Though it is true that HIV can cause great harm to the individual affected, the events that follow can cause impairment in the lives of family members regardless of their own HIV status. The typical role of an adult in a family is to be an independent, productive person that that can care for themselves, children, and aging parents. In developing countries, many families are already impoverished and deprived of many public services and resources that are provided in developed areas: healthcare, education, and social assistance programs. The onset of HIV only worsens the already dire situation. In many cases, the need for food and shelter is so great that it overshadows the need for HIV medication. As AIDS develop, parents may be forced to shift their role as caretaker to their children. This dynamic structural change is often accompanied by a serious loss of economic stability. Many of these children are forced to ignore their health and suffer from malnutrition as they save their money to pay for their parents’ medical bills. A survey in China reports over 31% of children not eating any fruit in the previous month and 14% had no protein in their diet during the last month (Ji, 2007). Many are unable to attend school, and those that can usually have difficulty performing. They are forced to prioritize the health of their parents and housework over their studies.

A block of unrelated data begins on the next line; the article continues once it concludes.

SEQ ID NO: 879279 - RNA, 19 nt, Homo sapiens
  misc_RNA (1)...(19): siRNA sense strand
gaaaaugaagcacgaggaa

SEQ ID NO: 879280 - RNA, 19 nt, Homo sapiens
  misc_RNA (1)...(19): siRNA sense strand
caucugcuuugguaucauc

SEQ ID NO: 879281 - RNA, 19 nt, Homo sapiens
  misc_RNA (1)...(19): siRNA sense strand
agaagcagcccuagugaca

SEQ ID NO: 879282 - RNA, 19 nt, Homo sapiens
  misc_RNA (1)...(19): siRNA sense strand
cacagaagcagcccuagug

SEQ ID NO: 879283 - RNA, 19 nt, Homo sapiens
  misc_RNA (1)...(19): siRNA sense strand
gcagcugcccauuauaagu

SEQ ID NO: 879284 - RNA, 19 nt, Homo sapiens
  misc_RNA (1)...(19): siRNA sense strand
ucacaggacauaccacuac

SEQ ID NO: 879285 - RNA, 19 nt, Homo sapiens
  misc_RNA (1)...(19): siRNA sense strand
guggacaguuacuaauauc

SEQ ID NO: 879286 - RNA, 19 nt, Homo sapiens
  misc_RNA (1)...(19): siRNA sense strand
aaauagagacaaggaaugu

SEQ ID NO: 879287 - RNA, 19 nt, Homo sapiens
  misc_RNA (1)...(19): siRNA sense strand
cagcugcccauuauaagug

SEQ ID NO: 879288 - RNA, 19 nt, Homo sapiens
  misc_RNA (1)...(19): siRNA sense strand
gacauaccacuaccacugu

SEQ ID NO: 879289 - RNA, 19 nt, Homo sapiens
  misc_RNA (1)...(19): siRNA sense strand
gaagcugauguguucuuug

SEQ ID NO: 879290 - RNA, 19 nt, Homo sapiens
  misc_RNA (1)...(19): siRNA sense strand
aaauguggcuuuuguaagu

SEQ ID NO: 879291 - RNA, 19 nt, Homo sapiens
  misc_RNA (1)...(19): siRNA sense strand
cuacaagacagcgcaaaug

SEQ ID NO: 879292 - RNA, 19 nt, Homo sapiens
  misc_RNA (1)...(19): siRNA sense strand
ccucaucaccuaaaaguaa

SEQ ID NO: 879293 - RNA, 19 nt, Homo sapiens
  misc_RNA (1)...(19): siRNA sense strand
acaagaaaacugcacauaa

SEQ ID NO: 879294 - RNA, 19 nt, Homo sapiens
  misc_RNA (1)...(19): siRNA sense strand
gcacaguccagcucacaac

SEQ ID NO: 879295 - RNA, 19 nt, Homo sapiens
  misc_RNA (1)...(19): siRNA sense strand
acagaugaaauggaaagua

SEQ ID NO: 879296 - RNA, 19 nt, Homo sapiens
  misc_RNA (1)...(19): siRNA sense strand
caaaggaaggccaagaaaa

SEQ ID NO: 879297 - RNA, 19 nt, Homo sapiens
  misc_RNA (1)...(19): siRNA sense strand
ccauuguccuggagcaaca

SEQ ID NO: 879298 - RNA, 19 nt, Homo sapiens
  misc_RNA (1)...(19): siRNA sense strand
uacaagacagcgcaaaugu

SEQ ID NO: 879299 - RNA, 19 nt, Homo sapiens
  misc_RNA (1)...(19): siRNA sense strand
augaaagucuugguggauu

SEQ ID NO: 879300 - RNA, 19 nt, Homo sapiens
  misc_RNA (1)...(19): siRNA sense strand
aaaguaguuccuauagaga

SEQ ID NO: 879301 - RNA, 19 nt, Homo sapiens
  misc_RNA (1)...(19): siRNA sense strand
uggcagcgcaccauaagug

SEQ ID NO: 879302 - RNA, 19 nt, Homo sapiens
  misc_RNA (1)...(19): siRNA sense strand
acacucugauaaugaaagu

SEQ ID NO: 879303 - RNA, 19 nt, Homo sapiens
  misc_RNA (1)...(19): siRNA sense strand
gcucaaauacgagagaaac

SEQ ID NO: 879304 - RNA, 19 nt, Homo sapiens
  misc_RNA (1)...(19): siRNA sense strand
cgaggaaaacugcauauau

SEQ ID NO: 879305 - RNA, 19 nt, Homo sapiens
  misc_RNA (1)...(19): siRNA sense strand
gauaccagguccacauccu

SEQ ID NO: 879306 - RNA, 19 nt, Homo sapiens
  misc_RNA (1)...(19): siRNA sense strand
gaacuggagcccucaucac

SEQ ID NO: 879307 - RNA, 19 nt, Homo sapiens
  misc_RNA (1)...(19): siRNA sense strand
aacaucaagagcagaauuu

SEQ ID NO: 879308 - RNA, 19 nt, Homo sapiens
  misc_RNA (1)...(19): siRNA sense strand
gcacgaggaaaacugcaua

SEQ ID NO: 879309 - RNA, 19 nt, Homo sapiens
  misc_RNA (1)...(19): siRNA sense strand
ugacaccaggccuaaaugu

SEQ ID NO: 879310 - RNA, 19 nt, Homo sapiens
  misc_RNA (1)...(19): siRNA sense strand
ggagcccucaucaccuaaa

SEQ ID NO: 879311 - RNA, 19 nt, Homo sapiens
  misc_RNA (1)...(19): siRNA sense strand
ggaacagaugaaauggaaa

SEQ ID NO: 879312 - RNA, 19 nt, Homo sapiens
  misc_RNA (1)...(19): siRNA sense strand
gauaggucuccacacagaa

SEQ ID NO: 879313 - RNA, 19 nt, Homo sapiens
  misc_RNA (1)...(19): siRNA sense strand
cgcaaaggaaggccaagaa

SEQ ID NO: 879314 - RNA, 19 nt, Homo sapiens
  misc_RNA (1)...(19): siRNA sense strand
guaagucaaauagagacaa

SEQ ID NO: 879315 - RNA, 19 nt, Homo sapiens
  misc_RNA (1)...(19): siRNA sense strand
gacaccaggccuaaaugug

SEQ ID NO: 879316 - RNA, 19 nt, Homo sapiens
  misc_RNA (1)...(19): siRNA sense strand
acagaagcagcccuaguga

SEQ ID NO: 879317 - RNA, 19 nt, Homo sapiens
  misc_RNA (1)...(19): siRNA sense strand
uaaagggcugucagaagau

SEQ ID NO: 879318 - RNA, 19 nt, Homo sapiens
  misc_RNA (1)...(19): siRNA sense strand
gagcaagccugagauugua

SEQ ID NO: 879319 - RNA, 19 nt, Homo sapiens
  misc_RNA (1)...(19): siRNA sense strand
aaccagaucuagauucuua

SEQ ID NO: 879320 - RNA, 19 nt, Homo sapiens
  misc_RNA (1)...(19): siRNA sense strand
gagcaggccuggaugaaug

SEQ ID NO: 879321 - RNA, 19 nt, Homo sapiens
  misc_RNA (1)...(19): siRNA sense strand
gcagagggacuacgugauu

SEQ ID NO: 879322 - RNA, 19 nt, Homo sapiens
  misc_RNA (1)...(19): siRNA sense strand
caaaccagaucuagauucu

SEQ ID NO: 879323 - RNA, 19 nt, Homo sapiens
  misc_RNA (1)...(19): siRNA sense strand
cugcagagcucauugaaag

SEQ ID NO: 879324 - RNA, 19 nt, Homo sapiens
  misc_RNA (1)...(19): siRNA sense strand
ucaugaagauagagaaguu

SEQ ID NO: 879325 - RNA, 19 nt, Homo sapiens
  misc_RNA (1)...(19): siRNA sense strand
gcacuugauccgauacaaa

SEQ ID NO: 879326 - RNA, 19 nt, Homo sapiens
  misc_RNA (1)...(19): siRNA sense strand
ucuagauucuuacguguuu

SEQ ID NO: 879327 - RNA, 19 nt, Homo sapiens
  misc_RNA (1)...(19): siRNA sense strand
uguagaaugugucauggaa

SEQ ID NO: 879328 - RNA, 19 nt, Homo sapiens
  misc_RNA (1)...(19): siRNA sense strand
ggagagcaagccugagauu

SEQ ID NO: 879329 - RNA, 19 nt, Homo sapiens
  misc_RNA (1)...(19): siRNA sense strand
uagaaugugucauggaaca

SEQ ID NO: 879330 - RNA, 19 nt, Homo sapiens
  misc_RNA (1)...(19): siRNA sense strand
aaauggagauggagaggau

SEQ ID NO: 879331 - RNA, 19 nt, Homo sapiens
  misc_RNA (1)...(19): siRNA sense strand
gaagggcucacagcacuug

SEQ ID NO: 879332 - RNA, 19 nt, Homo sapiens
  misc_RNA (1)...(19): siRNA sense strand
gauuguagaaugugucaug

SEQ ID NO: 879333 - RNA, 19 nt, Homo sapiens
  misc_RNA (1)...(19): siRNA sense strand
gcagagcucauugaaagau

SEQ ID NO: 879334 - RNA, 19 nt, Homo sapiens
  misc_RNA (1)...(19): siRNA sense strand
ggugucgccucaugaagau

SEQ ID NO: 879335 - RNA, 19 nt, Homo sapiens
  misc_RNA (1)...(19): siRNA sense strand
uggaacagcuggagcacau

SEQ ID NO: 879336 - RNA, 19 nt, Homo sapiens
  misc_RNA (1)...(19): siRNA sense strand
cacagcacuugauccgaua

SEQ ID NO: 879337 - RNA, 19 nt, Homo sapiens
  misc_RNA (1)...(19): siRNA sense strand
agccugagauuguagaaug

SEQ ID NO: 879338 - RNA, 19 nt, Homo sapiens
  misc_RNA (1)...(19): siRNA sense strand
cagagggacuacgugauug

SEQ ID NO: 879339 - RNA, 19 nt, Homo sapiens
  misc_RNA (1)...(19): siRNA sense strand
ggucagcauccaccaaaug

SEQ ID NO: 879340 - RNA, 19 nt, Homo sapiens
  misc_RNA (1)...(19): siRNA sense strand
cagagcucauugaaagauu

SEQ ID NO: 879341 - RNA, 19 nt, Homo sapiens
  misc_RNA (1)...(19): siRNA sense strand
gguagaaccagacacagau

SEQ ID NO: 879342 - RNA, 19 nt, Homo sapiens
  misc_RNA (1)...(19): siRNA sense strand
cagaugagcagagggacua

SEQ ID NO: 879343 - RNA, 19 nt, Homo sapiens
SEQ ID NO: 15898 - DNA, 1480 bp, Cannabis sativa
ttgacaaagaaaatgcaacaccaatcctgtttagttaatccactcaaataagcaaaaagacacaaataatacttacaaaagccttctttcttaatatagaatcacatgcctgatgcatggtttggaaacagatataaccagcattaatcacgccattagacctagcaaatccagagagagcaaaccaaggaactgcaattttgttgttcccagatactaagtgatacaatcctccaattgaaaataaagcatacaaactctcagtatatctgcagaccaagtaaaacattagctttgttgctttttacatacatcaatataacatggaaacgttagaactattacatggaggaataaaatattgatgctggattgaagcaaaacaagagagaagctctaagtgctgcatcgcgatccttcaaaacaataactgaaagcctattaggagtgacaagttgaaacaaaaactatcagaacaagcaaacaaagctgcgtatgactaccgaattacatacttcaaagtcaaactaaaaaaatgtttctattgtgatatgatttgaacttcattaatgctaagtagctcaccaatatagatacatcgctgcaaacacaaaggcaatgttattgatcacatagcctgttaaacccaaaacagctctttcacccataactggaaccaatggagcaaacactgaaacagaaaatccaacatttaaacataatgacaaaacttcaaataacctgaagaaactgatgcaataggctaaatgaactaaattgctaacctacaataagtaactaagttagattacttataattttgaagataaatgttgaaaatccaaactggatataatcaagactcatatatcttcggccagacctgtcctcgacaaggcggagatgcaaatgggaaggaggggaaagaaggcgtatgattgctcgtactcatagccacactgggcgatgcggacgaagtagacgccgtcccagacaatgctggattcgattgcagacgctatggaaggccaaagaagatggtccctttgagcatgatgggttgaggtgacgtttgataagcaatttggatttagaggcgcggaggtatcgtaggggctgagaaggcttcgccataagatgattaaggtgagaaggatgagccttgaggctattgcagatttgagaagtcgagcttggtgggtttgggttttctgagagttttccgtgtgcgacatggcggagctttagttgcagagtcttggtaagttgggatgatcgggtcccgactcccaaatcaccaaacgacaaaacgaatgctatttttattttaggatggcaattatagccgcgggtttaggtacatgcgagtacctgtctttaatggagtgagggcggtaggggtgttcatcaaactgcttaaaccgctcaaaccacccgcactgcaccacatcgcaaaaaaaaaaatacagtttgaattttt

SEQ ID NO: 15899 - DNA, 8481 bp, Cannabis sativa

Alternatively, caregivers can invest in medication, but be left with little to no money which may cause families to take out loans or find some other source to acquire the funds needed to fulfill medical costs and in the process, debt is being accumulated. Because of the additional costs that are associated with living with someone with HIV, families have to spend less on living expenses. The results compared to the previous situation are similar: household members are malnourished, put at a higher risk of illness, and pushed towards poverty (What is the impact, 2005).